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36673Re: "Christian" existentialism

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  • jkneilson
    Nov 8, 2005
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      K: In a separate post, you wrote: "What is really important ...
      about this model of dialectical discourse, is not what we end up
      achieving, in the way of certain knowledge, or noesis, at the end
      point of the process, but what we learn about the process of
      reasoning along the way." I love Socratic dialectic and have always
      felt that its moral dimension is more important than any noesis that
      results.

      Picking up the thread of our conversation...

      [Hb3g] I believe you understand this already, however, I say anyway
      that I respect both your freedom to rationally decide your own
      beliefs, and I also acknowledge that there are many spiritual and
      philosophical traditions.

      K: Thank you for the courtesy; I heartily extend it in return. I
      would like to add that the world's spiritual and philosophical
      traditions vie for our attention, and that we stand in need of
      accepting some while rejecting others. As Whitman says, "You shall
      listen to all sides and filter them from your self."

      [Hb3g] It would be dogmatic of me to categorically assert that the
      Christian vision is the only way.

      K: Agreed, it's not the only way. Do you assert that it is
      the "best" way?

      [Hb3g] Nevertheless, even in the midst of great diversity of
      tradition, creed, opinion, one cannot rationally assert a complete
      relativism of such values.

      K: I absolutely agree. Not all ideas, beliefs, and values are equal.
      Some are superior to others. The question is, How do we filter
      different religious beliefs? How do we determine which ones are
      worthy of assent or rejection? When you say that Christian
      existentialism challenges me to believe in the resurrection and
      eternal life, why should I adopt this belief? Should I adopt it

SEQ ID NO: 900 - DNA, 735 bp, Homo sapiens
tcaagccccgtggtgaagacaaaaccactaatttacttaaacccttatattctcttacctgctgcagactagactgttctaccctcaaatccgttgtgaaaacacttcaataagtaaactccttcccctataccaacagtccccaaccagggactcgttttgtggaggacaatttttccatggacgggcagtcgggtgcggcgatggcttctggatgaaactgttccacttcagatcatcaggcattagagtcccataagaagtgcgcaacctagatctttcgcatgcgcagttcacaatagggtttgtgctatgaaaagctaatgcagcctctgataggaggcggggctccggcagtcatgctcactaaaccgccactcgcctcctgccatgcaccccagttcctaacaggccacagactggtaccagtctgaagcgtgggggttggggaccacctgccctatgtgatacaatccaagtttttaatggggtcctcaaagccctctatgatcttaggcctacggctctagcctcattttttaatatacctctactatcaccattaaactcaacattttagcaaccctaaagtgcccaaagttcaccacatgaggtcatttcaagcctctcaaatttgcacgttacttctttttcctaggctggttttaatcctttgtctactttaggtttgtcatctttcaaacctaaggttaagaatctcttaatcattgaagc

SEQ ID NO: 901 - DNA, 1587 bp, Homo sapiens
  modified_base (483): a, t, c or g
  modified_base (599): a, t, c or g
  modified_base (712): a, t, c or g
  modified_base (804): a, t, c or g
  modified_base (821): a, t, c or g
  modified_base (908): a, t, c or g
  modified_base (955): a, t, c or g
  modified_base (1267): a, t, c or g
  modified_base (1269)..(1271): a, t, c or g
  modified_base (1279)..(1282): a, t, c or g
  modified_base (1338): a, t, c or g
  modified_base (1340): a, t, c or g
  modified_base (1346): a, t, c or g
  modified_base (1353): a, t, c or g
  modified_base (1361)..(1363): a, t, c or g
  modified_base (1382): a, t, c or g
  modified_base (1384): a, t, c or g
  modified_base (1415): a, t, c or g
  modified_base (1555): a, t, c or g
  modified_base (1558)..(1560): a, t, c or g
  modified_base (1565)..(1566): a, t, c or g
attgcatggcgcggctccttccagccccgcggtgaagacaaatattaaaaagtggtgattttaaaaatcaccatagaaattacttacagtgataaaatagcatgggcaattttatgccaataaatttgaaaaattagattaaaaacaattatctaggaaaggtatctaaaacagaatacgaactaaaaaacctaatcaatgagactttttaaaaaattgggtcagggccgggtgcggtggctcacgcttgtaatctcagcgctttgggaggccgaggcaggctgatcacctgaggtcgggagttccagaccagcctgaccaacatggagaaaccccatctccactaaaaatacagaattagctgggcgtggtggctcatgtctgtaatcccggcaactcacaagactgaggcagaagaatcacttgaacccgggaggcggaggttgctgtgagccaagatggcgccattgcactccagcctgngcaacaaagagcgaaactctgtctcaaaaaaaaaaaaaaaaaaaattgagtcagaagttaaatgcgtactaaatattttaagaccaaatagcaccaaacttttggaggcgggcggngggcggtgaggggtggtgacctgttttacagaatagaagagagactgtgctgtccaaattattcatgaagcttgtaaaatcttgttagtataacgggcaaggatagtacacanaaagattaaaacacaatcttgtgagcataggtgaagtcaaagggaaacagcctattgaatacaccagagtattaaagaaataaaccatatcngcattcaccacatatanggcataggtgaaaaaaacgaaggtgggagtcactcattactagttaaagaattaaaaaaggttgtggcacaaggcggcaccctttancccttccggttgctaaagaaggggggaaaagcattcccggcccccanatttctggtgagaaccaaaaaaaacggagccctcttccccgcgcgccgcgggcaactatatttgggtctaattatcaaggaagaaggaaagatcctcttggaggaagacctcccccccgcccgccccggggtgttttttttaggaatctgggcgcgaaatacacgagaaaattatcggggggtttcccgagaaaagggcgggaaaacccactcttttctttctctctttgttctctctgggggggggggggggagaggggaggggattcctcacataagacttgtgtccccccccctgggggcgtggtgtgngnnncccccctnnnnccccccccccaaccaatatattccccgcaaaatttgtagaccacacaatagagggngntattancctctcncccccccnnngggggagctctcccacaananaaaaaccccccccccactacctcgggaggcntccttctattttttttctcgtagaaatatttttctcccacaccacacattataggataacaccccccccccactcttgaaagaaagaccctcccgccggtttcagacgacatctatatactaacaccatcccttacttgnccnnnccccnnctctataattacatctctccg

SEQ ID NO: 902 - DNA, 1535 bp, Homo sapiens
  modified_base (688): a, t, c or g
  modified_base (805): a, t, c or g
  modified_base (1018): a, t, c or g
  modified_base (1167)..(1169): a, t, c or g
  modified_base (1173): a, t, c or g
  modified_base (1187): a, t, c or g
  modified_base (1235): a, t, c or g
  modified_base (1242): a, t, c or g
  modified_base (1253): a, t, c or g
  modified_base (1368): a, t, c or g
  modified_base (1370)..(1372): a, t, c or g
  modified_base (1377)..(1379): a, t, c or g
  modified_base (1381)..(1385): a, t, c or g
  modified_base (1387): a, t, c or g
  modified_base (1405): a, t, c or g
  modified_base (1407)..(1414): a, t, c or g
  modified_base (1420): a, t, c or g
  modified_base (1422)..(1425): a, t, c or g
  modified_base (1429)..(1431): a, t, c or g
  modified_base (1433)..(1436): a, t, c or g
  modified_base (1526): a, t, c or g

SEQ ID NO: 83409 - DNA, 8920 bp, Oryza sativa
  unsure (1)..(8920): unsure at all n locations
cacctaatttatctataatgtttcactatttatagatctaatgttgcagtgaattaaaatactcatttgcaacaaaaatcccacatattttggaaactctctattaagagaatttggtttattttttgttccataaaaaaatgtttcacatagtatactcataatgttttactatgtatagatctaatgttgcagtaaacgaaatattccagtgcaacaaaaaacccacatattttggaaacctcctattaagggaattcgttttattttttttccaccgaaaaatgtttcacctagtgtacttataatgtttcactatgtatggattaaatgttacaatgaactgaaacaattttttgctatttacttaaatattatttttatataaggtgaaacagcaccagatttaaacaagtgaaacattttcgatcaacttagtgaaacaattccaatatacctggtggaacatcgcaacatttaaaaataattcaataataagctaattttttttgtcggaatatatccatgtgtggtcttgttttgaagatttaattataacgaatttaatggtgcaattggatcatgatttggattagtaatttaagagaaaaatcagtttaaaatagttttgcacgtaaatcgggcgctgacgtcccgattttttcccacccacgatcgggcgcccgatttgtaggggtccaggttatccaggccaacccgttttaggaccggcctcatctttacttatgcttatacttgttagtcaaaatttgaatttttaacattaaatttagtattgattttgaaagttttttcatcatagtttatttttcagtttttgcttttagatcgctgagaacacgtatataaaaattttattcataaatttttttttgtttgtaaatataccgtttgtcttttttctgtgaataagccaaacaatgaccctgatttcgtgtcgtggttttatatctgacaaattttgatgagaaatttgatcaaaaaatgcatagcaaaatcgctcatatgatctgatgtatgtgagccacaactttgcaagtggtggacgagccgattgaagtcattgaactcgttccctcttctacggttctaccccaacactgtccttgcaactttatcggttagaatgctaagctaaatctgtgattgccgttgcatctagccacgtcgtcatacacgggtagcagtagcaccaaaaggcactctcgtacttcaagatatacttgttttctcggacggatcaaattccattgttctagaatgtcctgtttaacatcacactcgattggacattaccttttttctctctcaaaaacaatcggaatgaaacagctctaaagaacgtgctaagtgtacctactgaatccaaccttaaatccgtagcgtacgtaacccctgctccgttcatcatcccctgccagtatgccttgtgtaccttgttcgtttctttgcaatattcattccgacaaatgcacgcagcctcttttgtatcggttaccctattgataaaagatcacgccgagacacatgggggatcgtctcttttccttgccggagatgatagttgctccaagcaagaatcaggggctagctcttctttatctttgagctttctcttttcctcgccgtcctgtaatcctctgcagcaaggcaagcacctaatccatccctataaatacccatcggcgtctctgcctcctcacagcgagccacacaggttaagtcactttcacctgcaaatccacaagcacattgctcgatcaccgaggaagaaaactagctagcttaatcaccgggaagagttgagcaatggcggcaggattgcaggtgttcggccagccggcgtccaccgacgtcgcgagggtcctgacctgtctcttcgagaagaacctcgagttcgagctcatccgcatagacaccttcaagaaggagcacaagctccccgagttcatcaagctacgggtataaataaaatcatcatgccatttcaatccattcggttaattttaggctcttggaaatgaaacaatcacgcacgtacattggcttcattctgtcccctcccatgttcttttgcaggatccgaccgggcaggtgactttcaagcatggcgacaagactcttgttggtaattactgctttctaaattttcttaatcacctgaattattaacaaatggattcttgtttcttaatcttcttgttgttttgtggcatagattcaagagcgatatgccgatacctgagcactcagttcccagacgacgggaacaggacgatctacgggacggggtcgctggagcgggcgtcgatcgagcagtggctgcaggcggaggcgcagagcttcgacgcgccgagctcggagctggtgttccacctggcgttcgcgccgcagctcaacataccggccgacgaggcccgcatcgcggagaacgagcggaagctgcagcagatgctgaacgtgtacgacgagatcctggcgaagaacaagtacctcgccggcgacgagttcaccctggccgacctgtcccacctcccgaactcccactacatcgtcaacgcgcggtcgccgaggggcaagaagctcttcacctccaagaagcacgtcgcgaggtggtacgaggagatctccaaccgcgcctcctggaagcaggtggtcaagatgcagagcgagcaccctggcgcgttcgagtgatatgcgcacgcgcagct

because it's useful, or true, or beautiful, or because it satisfies
      a basic need rooted deep in the core of my being?

      [Hb3g] Belief matters, and questions of faith, or trust in the
      rationality of existence, are lively questions.

      K: Very lively questions, indeed. And how we arrive at answers to
      these questions is very important. Incidentally, have you read
      Pascal? His Wager busts, but he does say some very valuable things
      about belief. Belief as light, belief as guide to action, belief as
      supplement to reason. Etc.

      [Hb3g] I appreciate the pitfalls inherent in the "if it is true for
      me alone is true enough" kind of attitude, and I do believe that
      criteria of truth must be objectivistic, capable of being shared and
      communicated.

      K: So far, we agree on most points. I draw a distinction between
      private reasons and public ones. A public reason is capable of being
      shared and communicated to others while transcending the narrow
      confines of one's own subjectivity. If I want to convince you of the
      truth of the Five Pillars of Islam, it's not enough for me to say
      that I had a profound, revelatory experience. This may be a strong,
      private reason for believing, but it's certainly a weak public one.

      [Hb3g] We do appear to flat out disagree on this point. I would
      maintain that the transcendental experience is a real experience.
      You seem to categorize this
      as confusion (a paradox).

      K: Yes, we may disagree here. Let's see, I'm assuming that the
      transcendental is that which is beyond experience. Given this
      definition, I have to argue that transcendental experience is a
      paradox; it's logically impossible. But it looks like your
      definition is different. You say...

      [Hb3g] What might be an example of this direct transcendental
      experience? I certainly do not see it as a vision or a miracle. I do
      not see it as an experience that would fly in the face of our
      reasoned expectations about the world. I think of it as being more
      along the lines of that moment of vision of which Heidegger speaks
      in his Being and Time. It is a discernment of truth where the
      ekstatic character of our participation in Time and Being
      comes to light. It is intellectual in character, not strictly
      emotional. It comes to us in that sense of the wonder of existence,
      of which Shelling speaks, for instance, when he poses the basic
      question of existence, rhetorically of course, asking us to
      consider, for a moment, how is it that there exists anything at all?
      A similar stepping back with a sense of wonder could also be found
      with respect to the phenomenon of conscious awareness itself.

      K: On your view, transcendental experience is not a vision or a
      miracle. It doesn't violate reasoned expectations about the world.
      It's intellectual in character. You go on to add that transcendental
      experience is a kind of "philosophical wonder that inspires us to a
      rational, noetic exegesis of our experience of the world, of our
      life, of living, and of our own conscious awareness of all of this."
      You've so gutted the historical meaning of transcendence (i.e., that
      which is beyond our experience of the world) that I endorse your
      highly specialized use of the term. It's as congenial to the
      astrophysicist as it is to the ontologist. Both are intimately
      acquainted with philosophical wonder.

      Cheers,
      K
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